Thanks, Luke. This was posted to the Galt's Gulch Online site, similar, but different:
Perhaps the most obvious giveaway is an NT’s tendency to make “small talk” or to want to “chat” with you. While small talk appears to be nonfunctional, for NTs it serves a very specific purpose. It’s a good idea to humor them and participate to whatever degree you can tolerate. If you’re patient with them, many NTs will soon feel comfortable enough to move from small talk to more interesting, in-depth conversations.
Another common sign that someone is an NT? Touching. NTs enjoy all sorts of physical contact and often use touch to greet friends, family and even casual acquaintances. While it’s hard to fathom why your real estate agent or hairdresser feels the need to send you off with a hug, try not to be judgmental while fending them off. NTs are simply wired differently.
She has links at the bottom, one of them to the Institute that you cited.
- Neurotypical individuals show difficulty in forming an individual identity, or in thinking outside of the bounds of the accepted norms of their social groups.
- They do not perceive themselves as individuals in the manner that you or I do; they see themselves as individual members of a group ...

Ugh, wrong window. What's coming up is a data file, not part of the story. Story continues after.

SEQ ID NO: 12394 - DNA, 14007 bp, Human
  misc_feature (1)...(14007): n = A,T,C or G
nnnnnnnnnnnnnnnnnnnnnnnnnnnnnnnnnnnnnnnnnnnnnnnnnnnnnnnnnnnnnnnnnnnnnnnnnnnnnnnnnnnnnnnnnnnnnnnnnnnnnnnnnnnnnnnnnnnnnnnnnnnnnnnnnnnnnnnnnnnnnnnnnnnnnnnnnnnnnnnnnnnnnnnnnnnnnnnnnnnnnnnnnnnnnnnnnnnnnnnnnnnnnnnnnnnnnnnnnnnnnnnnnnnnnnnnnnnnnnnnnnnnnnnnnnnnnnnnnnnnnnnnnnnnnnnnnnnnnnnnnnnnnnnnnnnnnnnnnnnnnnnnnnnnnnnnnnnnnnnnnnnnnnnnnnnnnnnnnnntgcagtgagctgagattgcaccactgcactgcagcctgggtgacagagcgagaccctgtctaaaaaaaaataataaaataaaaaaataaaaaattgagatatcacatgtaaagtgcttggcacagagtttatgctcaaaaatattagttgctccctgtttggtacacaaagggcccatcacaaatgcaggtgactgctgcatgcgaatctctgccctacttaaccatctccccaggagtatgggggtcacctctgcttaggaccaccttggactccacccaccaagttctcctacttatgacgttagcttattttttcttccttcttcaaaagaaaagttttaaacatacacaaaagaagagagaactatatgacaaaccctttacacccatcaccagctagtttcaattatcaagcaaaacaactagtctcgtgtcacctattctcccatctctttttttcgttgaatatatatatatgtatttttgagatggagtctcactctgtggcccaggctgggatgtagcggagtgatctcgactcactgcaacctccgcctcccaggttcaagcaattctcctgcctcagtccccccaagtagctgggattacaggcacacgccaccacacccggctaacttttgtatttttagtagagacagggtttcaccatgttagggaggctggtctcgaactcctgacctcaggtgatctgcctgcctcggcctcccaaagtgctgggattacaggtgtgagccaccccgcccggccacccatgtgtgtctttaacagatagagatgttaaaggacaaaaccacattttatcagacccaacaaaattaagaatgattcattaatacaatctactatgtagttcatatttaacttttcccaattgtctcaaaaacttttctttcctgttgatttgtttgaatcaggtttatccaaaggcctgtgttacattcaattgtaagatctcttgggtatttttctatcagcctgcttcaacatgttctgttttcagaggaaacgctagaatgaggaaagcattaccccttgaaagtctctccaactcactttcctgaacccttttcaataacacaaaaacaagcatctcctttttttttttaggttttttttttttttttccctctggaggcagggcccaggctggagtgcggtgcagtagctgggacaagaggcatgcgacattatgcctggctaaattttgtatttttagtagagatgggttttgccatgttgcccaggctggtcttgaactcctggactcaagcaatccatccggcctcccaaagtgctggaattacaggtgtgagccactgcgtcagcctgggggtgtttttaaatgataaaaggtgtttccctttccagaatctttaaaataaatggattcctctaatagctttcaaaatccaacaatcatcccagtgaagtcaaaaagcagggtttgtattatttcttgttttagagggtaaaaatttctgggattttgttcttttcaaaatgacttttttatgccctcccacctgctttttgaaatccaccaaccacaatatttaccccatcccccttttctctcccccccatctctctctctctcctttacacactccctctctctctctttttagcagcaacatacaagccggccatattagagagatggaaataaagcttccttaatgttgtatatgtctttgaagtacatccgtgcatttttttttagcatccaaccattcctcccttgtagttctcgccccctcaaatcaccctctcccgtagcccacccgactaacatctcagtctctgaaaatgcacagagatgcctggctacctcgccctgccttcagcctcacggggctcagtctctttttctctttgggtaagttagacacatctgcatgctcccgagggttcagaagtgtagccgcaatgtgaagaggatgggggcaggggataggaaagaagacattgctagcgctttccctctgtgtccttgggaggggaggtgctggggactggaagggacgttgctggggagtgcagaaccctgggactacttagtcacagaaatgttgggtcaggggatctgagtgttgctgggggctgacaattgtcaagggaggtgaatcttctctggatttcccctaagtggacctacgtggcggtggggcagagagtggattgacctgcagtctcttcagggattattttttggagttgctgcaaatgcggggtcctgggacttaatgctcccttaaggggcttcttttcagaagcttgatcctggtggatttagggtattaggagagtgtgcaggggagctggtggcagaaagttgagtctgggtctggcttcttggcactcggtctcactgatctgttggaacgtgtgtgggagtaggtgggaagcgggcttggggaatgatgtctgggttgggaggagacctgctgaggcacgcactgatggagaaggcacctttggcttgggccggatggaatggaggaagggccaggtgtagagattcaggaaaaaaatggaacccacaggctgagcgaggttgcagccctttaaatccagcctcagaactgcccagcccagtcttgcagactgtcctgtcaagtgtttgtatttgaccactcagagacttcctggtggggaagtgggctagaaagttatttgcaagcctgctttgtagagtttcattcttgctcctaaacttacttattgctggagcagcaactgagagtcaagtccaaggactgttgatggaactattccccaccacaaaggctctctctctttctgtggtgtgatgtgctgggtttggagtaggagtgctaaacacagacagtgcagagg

- They tend to state things implicitly rather than explicitly, and with a level of vagarity that often results in miscommunication.
- They make guesses as to the level of knowledge of the listener, and omit parts that the listener is presumed to know. It is rather obvious that this guessing will often be wrong. Unfortunately, the listener that does not understand will generally not ask for clarification of such ambiguities, for fear of the speaker thinking that he is stupid or ignorant.
- And much more here: http://speciaal.forges55.be/neurotypicals/understanding-neurotypicality/
The last point was interesting to me because I enjoyed Dr. Temperance Brennen of Bones who never hesitates to say that she does not understand a cultural reference, which is all the more curious coming from an anthropologist. Of course, her interns are quite an array. The popularity of that show and, of course, Big Bang Theory, suggests that what is Neurotypically Normal may be changing, along with our IQs, and standard of living.